movie film review | chris tookey

TrollHunter/ Trolljegeren

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  TrollHunter/ Trolljegeren Review
Tookey's Rating
6 /10
Average Rating
6.21 /10
Otto Jespersen , Glenn Erland Tosterud, Hans Morten Hansen
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Directed by: Andre Ovredal
Written by: Andre Ovredal

Released: 2010
Origin: Norway
Colour: C
Length: 103

PRO Reviews

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Enormously entertaining chiller... While The Troll Hunter isn't necessarily scary outright, what makes the project so effective is the way it immerses us in a situation where we must figure out the rules alongside the characters as they go. The rough-cut premise allows Ovredal to abruptly splice bits of handheld footage together, orchestrating a sense of refreshing irreverence and jumpy anticipation without calling too much attention to the presence of a director. The camerawork feels intuitive, taking time during the more intense moments to register the protags' reactions, while also straining to get the best glimpse of the trolls themselves -- and this is where the film distinguishes itself from Cloverfield, REC or any number of similar stunts, which subscribe to the Jaws hide-the-shark school of suspense.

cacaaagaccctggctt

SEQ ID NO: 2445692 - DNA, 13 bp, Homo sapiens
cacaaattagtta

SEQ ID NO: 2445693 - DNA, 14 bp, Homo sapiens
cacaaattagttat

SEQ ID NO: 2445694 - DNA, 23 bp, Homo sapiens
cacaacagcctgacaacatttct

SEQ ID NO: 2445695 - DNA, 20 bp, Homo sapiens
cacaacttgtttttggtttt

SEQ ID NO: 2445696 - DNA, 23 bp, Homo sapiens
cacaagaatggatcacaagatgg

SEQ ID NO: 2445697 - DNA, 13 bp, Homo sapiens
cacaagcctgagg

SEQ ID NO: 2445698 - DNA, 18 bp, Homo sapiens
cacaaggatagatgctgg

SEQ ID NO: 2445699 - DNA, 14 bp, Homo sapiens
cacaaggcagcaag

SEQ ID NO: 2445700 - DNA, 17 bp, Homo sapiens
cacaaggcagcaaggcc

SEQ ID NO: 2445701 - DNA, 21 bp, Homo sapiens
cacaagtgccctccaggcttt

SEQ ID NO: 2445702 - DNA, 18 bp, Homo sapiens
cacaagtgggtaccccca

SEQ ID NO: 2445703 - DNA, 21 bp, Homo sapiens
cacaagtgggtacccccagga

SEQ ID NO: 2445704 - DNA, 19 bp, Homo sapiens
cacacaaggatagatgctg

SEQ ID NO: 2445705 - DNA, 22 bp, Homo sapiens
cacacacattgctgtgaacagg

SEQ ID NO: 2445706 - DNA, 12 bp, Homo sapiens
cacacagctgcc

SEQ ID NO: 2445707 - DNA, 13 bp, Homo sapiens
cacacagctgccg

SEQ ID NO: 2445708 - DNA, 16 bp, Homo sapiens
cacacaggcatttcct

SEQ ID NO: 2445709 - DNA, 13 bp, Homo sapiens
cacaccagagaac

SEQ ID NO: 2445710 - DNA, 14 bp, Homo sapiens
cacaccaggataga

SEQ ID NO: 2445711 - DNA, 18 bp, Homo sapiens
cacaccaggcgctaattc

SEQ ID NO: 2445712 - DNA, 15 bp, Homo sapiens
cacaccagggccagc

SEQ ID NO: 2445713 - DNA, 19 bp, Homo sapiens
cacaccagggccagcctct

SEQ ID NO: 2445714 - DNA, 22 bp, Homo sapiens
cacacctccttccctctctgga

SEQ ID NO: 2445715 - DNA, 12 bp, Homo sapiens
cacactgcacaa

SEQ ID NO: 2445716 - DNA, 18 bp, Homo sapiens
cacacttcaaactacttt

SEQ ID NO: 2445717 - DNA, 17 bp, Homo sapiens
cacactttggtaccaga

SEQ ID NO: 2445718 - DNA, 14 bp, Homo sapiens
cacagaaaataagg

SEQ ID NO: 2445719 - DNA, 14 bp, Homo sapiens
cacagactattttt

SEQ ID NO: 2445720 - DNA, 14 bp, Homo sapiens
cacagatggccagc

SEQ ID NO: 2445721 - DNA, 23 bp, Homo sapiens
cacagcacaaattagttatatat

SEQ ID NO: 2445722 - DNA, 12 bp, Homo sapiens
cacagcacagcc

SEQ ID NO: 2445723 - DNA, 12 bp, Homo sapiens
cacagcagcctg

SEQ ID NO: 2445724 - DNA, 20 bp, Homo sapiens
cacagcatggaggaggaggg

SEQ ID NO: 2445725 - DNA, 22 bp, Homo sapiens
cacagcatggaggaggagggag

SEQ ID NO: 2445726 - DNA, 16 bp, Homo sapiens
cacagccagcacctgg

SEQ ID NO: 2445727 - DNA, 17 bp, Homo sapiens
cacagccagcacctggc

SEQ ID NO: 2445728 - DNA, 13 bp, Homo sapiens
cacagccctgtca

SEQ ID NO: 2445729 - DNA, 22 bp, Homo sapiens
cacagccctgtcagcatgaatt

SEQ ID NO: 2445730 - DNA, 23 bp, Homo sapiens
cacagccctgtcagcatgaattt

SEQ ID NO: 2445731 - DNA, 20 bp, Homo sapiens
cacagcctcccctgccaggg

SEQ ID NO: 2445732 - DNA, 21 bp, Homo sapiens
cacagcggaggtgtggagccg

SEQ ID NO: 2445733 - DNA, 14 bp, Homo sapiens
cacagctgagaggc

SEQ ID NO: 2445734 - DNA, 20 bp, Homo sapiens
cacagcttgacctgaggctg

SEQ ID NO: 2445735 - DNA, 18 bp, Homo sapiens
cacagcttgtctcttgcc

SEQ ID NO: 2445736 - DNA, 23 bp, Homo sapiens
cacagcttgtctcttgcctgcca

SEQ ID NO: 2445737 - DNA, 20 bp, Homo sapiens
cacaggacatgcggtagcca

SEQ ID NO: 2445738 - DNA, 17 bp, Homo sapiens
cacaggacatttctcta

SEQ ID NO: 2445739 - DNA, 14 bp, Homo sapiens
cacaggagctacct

(Peter Debruge, Variety)
The Troll Hunter injects inventiveness, folkloric idiosyncrasy and deadpan humor into the overexploited faux-documentary trend. A generous dollop of Jurassic Park inspiration doesn't hurt either.
(Hollywood Reporter)
One of the many pleasures of the Norwegian director Andre Ovredal's clever and engaging mock documentary Trollhunter is the way it plays with the idea of the supernatural rule book.
(Mike Hale, New York Times)
Andre Ovredal's dry horror-comedy Trollhunter is successful on multiple levels, with a brisk pace, excellent location work and a strong lead performance by Norwegian comedian Otto Jespersen.
(Peter Hartlaub, San Francisco Chronicle)